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A New Greenland Ice Core in the offing

29 July 2010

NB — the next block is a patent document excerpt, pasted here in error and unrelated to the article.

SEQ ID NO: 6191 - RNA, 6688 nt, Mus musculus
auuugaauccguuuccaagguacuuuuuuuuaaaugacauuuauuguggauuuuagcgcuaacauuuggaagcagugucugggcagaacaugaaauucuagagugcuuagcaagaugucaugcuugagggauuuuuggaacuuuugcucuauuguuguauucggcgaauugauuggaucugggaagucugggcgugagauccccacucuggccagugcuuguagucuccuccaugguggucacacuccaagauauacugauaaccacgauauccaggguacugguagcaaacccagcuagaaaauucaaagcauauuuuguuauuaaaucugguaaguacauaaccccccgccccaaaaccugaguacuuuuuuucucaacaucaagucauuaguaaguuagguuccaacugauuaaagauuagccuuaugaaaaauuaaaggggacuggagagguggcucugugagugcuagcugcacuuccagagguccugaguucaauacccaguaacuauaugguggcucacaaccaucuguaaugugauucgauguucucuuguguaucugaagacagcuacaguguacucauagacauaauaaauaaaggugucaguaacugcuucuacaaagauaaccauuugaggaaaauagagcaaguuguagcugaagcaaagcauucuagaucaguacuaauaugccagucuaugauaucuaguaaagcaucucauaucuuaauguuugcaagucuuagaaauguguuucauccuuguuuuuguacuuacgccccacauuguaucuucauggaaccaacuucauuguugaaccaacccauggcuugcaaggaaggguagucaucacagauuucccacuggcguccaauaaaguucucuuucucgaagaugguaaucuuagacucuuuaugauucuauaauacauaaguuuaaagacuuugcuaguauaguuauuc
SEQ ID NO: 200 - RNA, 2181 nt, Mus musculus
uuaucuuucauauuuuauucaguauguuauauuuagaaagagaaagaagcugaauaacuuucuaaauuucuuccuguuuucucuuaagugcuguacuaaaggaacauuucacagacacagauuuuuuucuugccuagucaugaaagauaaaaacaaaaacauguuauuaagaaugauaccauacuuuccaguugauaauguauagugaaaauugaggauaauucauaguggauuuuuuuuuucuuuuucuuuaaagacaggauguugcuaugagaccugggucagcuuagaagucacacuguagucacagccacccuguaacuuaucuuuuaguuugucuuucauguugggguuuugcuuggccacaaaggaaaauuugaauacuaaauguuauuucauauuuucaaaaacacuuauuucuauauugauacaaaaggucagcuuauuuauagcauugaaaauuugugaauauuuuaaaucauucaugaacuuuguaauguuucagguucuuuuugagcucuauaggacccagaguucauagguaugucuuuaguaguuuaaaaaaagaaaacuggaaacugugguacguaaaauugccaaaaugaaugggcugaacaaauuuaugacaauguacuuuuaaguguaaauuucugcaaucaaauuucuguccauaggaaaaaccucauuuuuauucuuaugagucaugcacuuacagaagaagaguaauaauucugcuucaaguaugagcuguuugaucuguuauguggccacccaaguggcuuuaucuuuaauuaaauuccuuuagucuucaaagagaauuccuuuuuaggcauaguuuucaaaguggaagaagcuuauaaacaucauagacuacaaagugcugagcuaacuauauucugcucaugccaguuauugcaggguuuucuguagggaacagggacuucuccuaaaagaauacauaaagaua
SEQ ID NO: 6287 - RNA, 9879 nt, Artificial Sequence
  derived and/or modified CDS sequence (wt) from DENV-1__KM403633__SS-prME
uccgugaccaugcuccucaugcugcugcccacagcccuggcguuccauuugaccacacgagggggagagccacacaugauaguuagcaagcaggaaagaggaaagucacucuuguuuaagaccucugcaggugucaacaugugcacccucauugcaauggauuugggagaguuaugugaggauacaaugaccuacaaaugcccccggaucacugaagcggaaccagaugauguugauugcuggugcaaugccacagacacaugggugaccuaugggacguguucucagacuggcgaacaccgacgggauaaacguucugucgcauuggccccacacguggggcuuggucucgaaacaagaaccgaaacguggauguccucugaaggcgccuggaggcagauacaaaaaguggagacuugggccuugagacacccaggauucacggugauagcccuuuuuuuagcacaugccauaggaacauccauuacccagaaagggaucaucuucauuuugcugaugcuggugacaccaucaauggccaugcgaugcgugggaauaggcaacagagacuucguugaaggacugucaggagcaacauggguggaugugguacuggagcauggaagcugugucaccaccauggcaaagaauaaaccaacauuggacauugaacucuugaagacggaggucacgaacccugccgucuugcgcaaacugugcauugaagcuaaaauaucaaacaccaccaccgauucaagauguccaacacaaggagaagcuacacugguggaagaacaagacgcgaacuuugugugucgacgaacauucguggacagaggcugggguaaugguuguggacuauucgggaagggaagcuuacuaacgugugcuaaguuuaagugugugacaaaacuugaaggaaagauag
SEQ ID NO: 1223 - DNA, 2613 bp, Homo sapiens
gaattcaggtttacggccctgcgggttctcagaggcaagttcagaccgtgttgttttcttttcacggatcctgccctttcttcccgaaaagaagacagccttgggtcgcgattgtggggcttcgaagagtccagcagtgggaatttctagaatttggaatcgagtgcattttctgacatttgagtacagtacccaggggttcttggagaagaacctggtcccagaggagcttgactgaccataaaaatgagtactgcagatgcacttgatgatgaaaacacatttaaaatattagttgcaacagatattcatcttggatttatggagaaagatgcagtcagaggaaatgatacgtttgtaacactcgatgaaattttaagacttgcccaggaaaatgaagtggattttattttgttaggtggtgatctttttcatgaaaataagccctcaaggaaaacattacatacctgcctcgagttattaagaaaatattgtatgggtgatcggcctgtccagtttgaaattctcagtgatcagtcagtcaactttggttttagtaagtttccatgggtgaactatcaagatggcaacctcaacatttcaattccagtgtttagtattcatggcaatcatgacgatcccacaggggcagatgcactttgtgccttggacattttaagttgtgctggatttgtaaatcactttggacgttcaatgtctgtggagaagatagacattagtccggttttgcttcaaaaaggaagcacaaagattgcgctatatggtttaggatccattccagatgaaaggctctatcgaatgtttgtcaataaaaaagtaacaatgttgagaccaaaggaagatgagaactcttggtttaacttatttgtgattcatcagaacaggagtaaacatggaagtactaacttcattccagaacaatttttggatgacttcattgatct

At www.physorg.com/print199550264.html we learn that a drilling team has reached bedrock in Greenland after 5 years of boring through 2.5km of solid ice. What they want are sample from the core dating between 130,000 and 115,000 years ago during what is known as the Eemian warming (the last inter-glacial period). It is thought temperatures were a few degrees warmer than they are now so they want to know to what extent the Greenland ice cap shrank. They know that sea levels were 5m higher in the Eemian and it is assumed this was because glaciers and ice sheets had shrunk by a considerable margin. Therefore, this research is interesting on tow fronts, i) what parallels can be ddrawn with moder global warming and how it might develop, and ii) how might it impinge on Ice Age theory. Is the 100,000 year cycle really a record of the growth and retraction of ice sheets or is it a reflection of something much more basic, a pulse within the solar system (see earlier post on Rhodes Fairbridge on the role of Jupiter and Saturn as the Sun orbits around its barycentre). A lot of unknowns might emerge from this ice core – but there will be a strong AGW commitment as a result of funding demands).

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